Nasal deposition analysis of a nano-in-microparticle vaccine formulation in children and adults using cast models

S Buske, R Scherließ

Vaccination is undoubtedly one of the most successful inventions in medical history. But today the number of people refusing vaccines is increasing mainly in developed countries. Avoiding syringe and needle by using alternative administration routes is one opportunity to tackle this issue. For this purpose nasal administration of powder vaccine formulations offers some great advantages. Nasal drug delivery is non-invasive, well accepted and with respect to vaccines it leads to a better immunisation especially in younger patients. In this work a nano-in-microparticle (NiM) vaccine formulation was prepared and analysed with respect to its deposition profile in a child’s and an adult’s nose by using two nasal cast models (from Boehringer Ingelheim) with and without mimicked inspiration. Nanoparticles were achieved via ionic coacervation of chitosan and sodium deoxycholate. Bovine serum albumin was used as model antigen and was encapsulated in the nanoparticles. To obtain a dry powder NiM formulation the nanosuspension was spray dried using mannitol as matrix. Physical and chemical stability of the nanoparticles is unaffected by the spray drying process. The final formulation was administered with a device for nasal powder application (Powder UDS, Aptar Pharma). The studies show that the amount of vaccine formulation which is deposited in the desired regions (entire nasal cavity without nostrils) as well as the distribution within the nasal cavity differs between adult and child. Nasal deposition averaged 83.5% (of the delivered dose) without air flow and 72.4% with air flow for the adult’s model; for the child’s nose, it averaged 79.5% and 74.2%, respectively. For both models the amount of vaccine that has been deposited in the desired regions was higher without simulated inspiration. Application without inspiration was probably also easier to perform for patients and healthcare staff.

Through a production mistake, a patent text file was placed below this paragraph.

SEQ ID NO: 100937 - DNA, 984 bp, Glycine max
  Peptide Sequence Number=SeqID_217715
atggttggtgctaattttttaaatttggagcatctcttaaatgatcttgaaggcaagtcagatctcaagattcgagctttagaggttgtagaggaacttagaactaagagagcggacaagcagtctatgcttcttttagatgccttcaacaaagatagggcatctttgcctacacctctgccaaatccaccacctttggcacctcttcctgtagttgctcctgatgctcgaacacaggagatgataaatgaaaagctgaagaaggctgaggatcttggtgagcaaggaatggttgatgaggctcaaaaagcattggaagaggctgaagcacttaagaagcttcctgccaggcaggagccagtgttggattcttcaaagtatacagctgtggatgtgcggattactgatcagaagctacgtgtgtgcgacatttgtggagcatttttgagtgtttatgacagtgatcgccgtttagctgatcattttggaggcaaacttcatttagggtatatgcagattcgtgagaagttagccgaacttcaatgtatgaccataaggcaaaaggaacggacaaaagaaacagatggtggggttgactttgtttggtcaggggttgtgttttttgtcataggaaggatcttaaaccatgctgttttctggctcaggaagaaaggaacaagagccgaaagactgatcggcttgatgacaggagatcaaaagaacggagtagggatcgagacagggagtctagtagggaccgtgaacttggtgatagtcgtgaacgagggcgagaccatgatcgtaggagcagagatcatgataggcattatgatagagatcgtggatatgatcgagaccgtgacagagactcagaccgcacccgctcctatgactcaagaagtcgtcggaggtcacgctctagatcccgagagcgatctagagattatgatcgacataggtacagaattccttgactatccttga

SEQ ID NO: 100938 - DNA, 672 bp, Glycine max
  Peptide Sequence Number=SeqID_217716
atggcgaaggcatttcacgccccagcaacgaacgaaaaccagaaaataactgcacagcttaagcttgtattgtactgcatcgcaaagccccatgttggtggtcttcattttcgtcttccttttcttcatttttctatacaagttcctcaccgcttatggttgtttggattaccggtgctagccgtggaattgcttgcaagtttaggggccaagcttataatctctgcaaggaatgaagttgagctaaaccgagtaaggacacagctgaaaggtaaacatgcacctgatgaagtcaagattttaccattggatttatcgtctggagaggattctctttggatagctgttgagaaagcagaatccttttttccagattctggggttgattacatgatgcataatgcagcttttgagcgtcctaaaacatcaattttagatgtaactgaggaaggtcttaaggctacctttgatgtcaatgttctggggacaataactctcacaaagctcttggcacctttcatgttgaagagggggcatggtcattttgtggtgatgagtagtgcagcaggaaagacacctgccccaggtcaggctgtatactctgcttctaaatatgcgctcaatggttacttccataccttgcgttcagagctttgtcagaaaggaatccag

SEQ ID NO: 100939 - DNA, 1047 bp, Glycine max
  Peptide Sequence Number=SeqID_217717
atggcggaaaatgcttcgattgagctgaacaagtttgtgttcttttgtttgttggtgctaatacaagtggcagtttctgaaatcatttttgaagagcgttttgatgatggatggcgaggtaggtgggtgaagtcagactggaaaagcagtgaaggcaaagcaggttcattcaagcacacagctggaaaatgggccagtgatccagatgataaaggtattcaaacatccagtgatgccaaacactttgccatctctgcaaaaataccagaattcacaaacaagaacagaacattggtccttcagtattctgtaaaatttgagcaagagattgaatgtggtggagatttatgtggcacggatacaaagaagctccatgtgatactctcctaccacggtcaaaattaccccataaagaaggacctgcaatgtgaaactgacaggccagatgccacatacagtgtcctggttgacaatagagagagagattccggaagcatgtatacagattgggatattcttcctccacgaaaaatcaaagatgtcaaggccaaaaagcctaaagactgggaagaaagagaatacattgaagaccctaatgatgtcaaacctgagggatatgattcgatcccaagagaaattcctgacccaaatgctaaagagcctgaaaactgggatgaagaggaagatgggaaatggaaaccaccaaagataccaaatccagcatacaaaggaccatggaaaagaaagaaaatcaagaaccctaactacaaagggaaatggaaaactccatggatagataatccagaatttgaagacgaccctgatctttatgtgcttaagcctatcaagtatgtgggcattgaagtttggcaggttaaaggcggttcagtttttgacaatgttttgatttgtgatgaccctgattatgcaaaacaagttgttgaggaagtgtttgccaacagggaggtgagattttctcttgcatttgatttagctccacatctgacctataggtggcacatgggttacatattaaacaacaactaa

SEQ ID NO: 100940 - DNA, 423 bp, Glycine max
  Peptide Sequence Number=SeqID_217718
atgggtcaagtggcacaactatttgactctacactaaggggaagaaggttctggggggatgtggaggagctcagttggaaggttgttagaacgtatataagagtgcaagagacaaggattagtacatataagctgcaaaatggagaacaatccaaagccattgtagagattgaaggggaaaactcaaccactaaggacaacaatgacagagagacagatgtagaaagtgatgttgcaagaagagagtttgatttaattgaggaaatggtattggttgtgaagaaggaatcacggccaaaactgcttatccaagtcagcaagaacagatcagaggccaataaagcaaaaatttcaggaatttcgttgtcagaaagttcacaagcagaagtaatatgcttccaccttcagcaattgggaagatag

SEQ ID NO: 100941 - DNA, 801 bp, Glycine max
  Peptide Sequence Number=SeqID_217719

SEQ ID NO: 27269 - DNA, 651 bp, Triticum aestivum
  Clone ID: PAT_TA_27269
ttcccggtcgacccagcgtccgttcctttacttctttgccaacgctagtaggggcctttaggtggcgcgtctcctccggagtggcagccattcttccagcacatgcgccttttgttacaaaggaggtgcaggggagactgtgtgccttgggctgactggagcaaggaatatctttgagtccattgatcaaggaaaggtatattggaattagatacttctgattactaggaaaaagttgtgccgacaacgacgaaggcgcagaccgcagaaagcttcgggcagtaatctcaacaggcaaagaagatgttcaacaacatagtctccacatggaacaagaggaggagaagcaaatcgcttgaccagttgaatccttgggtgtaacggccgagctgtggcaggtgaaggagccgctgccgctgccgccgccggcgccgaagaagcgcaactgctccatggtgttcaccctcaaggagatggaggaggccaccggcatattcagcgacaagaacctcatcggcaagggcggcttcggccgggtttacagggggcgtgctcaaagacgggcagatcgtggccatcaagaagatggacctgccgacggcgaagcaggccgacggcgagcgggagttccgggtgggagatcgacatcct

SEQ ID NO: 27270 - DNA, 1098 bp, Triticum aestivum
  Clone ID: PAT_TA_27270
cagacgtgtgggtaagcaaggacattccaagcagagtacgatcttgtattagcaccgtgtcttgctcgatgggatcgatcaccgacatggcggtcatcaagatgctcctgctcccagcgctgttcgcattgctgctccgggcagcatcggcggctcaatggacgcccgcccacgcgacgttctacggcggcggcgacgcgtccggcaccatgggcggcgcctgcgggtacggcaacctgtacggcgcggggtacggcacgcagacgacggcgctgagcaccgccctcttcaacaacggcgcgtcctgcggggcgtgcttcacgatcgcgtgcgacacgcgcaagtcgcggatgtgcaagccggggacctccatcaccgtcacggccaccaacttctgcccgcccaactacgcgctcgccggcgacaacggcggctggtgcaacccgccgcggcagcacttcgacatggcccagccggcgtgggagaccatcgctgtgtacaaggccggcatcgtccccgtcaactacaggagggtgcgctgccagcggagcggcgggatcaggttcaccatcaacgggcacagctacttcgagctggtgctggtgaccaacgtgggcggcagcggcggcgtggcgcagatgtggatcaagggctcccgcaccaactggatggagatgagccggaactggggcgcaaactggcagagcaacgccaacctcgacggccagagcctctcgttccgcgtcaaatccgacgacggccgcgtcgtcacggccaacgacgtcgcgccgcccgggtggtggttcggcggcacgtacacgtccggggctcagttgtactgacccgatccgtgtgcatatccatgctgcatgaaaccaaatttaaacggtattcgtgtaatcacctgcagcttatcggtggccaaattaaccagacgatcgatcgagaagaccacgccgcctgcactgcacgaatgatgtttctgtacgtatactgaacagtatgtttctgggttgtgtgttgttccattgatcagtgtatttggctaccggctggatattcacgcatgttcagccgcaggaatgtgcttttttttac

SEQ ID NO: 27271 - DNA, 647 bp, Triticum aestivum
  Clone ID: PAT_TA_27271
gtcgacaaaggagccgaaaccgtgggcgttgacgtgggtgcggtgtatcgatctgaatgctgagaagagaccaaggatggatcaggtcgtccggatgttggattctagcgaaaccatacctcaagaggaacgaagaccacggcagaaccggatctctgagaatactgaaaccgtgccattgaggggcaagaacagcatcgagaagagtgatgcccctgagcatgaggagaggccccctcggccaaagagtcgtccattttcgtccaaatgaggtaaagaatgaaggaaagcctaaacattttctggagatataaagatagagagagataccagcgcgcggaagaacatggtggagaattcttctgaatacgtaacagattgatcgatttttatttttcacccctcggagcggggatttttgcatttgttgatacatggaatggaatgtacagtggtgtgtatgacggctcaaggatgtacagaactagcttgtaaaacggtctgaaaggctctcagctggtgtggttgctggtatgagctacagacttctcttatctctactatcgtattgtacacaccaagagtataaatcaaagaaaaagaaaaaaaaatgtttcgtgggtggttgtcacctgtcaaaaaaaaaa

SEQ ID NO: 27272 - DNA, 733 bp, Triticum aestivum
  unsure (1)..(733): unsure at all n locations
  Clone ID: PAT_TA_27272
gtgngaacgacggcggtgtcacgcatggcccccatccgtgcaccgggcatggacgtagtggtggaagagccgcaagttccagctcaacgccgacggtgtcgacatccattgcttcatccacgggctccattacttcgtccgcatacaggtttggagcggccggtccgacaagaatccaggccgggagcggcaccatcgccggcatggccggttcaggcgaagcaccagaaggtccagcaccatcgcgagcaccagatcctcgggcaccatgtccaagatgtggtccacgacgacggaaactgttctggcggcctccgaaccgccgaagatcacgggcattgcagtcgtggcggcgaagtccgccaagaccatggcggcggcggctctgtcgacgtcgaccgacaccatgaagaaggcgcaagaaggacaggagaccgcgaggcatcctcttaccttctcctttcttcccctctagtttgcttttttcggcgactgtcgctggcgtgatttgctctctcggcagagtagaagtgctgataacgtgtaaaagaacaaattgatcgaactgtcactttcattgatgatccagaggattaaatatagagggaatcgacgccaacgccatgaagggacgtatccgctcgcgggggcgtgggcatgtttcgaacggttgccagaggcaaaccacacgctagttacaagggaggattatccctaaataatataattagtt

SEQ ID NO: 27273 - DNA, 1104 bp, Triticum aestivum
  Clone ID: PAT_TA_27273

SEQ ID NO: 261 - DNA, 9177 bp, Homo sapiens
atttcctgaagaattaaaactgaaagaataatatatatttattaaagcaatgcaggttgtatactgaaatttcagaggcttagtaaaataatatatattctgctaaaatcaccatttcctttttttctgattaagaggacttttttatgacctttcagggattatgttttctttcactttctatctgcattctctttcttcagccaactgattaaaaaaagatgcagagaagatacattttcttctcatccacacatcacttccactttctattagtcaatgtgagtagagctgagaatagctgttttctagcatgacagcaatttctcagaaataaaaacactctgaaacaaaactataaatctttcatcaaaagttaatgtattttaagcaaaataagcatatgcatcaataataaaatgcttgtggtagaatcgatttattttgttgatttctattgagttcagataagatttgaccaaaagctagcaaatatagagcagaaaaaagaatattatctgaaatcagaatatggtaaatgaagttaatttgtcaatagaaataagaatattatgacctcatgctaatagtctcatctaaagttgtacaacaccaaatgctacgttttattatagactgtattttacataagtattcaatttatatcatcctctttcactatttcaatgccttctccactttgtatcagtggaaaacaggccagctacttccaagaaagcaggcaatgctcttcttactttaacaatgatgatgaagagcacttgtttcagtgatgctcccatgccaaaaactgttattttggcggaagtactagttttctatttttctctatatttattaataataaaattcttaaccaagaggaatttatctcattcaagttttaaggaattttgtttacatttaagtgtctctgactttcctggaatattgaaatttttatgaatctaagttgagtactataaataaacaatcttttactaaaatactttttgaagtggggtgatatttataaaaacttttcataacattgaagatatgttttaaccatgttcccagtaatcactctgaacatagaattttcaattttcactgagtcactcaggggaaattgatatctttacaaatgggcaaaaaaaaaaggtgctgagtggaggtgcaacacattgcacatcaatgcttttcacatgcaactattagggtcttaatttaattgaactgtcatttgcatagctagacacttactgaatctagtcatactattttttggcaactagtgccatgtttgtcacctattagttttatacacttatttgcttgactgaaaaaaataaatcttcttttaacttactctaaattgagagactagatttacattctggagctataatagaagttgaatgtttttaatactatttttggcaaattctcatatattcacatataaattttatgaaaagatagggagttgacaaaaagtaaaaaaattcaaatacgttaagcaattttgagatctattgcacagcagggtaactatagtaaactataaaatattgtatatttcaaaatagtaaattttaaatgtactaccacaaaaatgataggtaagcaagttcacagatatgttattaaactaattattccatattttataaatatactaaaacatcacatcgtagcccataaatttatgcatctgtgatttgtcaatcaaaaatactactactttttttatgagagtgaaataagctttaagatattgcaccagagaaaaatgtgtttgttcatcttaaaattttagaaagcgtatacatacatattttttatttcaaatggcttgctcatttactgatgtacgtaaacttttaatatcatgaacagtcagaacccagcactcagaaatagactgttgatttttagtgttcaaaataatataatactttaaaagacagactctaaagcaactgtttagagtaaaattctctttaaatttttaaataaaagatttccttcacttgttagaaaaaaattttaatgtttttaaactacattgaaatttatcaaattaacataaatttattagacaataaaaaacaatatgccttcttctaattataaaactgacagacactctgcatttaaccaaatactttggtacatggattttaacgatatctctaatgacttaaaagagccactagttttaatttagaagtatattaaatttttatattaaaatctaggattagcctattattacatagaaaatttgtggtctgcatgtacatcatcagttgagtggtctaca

Join today to view and download the full abstract/presentation